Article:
The meteorological approach suggests that spring starts on March 1 (or September 1 for southern latitudes). Such an approach is based on annual temperature cycles. It also follows the Gregorian calendar and has fixed dates that help to divide a year into equal quarters and make it easier to compare monthly and seasonal statistics.

Equal day and night 2023: debunking the most popular myth

Despite the common misconception, the length of day and night at the equinox is almost equal, but not exactly the same. There are two reasons for this — atmospheric refraction, and the definition of sunset/sunrise.

Atmospheric refraction

The Earth’s atmosphere scatters sunlight and affects the length of daylight. When a wave (sunlight) encounters a medium (the Earth’s atmosphere) whose density is different from that through which the wave has been propagating, the direction of the wave changes. To imagine how it works, think of a pencil in a glass of water — the pencil appears to bend when viewed from certain angles.

We know that our atmosphere uplifts the Sun by about 0.5 degrees from its true position whenever the Sun is near the horizon. This means that when you see the Sun near the horizon, in reality, it’s already below the line. However, the atmosphere bends the light upwards, making the Sun appear in a different place.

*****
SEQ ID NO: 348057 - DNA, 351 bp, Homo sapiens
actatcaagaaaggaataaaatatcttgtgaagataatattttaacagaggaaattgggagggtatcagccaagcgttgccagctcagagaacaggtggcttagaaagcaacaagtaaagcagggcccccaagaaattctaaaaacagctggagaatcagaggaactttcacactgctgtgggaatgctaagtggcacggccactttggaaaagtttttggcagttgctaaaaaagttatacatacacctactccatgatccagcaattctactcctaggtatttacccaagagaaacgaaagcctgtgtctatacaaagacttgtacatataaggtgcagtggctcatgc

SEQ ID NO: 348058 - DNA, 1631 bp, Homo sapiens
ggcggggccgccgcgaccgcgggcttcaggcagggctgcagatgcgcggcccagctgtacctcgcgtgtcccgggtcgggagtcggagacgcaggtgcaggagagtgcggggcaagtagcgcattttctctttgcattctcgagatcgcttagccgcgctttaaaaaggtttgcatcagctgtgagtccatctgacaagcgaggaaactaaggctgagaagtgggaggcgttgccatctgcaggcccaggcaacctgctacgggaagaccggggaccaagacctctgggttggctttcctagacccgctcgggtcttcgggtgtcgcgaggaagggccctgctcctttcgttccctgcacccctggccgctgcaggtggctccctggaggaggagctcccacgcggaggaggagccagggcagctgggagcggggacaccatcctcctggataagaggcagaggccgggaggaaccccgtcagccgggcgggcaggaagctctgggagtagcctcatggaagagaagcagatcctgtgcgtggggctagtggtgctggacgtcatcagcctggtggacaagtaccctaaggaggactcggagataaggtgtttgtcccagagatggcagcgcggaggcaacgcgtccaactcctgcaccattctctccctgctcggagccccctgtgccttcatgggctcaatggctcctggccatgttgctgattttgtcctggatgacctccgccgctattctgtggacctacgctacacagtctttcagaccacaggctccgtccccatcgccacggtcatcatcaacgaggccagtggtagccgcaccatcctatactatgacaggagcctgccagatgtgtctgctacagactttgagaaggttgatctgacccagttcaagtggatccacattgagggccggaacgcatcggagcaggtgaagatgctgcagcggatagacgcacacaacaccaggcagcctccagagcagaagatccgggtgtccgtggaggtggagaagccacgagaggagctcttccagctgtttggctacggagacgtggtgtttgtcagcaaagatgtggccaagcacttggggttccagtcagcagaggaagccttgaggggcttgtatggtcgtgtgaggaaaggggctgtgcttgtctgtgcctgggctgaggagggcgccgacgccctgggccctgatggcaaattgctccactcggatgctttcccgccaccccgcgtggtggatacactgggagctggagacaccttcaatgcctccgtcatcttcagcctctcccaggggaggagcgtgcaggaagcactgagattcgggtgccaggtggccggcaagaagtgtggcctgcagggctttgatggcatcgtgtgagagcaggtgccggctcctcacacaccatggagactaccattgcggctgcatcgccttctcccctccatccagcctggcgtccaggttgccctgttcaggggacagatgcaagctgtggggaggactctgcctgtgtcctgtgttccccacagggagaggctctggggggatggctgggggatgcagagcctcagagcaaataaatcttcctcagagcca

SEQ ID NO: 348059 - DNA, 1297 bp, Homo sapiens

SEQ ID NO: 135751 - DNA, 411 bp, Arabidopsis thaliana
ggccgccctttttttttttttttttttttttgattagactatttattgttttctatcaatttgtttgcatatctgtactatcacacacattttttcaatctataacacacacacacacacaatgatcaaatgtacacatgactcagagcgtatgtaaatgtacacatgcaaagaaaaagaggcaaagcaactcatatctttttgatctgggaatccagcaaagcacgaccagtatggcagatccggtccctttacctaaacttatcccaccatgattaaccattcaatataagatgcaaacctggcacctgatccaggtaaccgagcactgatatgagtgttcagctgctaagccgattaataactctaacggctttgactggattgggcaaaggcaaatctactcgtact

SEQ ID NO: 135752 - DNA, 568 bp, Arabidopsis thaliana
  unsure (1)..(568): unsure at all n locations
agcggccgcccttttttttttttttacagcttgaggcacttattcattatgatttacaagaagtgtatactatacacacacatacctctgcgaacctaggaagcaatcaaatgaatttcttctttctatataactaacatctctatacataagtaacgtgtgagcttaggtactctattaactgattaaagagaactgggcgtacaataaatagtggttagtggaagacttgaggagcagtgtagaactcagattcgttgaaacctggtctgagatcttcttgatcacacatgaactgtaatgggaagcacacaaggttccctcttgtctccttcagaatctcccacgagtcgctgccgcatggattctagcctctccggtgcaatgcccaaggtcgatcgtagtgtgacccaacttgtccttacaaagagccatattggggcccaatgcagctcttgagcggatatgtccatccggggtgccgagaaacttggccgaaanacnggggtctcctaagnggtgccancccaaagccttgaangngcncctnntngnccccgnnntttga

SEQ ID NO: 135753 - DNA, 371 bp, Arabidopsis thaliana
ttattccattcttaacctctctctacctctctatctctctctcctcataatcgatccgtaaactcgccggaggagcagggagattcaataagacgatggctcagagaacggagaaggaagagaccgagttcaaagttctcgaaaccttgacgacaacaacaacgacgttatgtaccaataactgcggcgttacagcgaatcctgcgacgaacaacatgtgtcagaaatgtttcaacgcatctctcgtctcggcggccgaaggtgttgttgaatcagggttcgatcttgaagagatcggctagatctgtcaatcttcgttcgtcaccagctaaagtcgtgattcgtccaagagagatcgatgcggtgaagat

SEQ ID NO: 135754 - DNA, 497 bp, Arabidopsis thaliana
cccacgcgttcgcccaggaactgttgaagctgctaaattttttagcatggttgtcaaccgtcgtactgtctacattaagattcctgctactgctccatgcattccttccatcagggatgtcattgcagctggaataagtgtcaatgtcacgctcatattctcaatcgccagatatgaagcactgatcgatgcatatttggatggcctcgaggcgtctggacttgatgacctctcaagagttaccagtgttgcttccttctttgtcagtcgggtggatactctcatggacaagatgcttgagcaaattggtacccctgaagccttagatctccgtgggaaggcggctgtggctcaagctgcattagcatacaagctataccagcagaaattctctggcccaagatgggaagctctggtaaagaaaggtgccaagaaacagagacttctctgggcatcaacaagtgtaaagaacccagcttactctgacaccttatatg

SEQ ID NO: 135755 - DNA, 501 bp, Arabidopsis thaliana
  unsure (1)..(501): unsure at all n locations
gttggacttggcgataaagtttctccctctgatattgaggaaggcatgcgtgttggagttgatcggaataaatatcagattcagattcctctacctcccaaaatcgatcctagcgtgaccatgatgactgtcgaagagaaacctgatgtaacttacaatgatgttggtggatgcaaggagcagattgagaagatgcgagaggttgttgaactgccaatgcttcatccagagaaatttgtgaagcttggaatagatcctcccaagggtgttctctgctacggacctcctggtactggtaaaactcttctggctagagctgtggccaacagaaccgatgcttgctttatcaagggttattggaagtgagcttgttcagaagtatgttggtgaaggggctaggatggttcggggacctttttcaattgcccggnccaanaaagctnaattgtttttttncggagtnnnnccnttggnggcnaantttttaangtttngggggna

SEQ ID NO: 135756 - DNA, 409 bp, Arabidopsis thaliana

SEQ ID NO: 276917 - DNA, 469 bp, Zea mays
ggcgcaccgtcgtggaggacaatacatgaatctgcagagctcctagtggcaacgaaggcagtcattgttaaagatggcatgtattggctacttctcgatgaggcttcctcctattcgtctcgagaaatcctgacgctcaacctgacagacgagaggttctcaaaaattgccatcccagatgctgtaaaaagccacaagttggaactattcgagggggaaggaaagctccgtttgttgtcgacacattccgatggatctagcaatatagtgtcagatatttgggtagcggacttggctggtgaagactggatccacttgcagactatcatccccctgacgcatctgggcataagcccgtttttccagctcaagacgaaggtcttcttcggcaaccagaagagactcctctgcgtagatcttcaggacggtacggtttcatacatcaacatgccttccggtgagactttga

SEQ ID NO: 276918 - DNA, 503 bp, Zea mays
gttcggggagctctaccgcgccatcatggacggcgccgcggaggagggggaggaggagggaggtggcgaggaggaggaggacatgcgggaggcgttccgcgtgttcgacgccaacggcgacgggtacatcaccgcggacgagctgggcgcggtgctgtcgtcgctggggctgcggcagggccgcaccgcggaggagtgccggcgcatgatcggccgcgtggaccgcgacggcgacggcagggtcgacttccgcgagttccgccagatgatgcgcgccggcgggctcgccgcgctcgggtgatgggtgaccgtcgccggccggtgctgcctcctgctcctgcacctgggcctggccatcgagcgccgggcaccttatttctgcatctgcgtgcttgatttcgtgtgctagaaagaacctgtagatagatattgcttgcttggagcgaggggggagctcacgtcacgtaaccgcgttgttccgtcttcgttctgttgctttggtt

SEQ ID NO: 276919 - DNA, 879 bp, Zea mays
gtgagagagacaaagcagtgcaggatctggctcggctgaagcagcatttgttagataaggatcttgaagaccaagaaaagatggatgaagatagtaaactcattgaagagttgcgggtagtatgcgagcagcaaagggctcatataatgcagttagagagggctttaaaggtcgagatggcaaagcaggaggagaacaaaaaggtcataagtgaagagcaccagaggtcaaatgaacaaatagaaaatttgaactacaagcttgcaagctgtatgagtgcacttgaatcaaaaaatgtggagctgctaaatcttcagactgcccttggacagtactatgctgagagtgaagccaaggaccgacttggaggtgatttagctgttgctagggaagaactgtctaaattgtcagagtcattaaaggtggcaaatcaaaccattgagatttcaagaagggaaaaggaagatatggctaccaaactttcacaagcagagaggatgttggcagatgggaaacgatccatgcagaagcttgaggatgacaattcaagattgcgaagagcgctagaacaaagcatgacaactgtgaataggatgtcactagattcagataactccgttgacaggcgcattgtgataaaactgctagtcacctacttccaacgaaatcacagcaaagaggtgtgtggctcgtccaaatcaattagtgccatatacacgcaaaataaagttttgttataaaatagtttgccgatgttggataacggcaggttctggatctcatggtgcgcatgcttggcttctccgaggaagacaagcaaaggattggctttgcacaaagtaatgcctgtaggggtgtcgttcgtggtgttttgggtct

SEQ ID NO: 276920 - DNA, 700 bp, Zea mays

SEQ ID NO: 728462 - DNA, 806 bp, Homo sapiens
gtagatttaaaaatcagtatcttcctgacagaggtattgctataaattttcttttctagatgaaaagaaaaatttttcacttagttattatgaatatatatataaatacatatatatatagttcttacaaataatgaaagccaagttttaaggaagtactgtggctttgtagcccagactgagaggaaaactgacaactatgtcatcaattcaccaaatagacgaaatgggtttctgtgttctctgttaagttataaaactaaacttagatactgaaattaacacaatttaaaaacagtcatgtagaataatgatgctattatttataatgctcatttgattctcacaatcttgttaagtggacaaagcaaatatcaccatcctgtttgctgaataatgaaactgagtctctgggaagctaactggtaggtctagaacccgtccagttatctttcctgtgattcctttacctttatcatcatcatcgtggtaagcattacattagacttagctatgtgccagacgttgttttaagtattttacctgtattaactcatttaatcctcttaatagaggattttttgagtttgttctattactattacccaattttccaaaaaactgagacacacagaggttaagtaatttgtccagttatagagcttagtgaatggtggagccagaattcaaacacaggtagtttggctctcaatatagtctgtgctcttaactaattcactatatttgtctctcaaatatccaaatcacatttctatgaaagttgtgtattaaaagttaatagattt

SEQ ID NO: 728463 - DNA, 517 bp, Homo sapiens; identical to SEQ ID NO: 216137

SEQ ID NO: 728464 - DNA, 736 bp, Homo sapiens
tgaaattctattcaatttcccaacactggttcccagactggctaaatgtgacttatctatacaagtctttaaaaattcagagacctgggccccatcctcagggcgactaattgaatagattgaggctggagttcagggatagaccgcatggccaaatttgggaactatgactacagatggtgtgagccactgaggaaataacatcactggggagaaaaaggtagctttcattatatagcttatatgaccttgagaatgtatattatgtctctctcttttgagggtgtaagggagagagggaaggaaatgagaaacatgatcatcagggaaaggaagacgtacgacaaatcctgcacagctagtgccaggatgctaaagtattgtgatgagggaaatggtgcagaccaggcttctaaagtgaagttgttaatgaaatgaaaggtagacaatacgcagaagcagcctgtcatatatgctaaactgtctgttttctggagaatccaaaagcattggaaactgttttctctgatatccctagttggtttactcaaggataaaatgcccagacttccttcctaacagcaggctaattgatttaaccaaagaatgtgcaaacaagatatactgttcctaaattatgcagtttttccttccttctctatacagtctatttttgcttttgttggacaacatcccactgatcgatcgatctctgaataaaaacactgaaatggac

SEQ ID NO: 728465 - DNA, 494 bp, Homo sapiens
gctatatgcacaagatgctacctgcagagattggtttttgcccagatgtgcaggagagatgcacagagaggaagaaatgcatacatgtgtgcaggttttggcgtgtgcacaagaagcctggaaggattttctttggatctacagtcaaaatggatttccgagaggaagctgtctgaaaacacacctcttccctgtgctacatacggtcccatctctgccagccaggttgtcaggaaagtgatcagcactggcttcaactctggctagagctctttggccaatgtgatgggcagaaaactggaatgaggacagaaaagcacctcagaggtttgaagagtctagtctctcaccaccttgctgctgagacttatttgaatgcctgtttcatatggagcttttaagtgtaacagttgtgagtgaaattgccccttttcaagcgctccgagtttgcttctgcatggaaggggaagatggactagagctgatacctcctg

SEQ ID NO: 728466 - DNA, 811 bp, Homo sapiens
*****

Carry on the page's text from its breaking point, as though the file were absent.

Regarding the daylight length, atmospheric refraction advances sunrise and delays sunset, adding about 8 minutes of sunlight.

Sunset/sunrise definition

If sunset and sunrise were defined as the moments when the geometric center of the Sun passes over the horizon, we would have exactly 12 hours of day and 12 hours of night. But this isn’t the case. Sunrise and sunset are defined as the exact moments when the upper edge of the Sun touches the horizon. So the time it takes for the Sun to disappear completely below the horizon (which can be several minutes) makes the day slightly longer than the night on the equinox.

Daylight length on the spring equinox

Here is the list of different places and the length of daylight there on the vernal equinox on March 20, 2023. The length of the day will be about the same all over the world — even in the Southern Hemisphere, where the autumnal equinox occurs on this day.

  • New York City, USA: 12 hours, 8 minutes
  • Amsterdam, Netherlands: 12 hours, 9 minutes
  • Longyearbyen (one of the northernmost cities), Norway: 12 hours, 25 minutes
  • Rio de Janeiro, Brazil: 12 hours, 7 minutes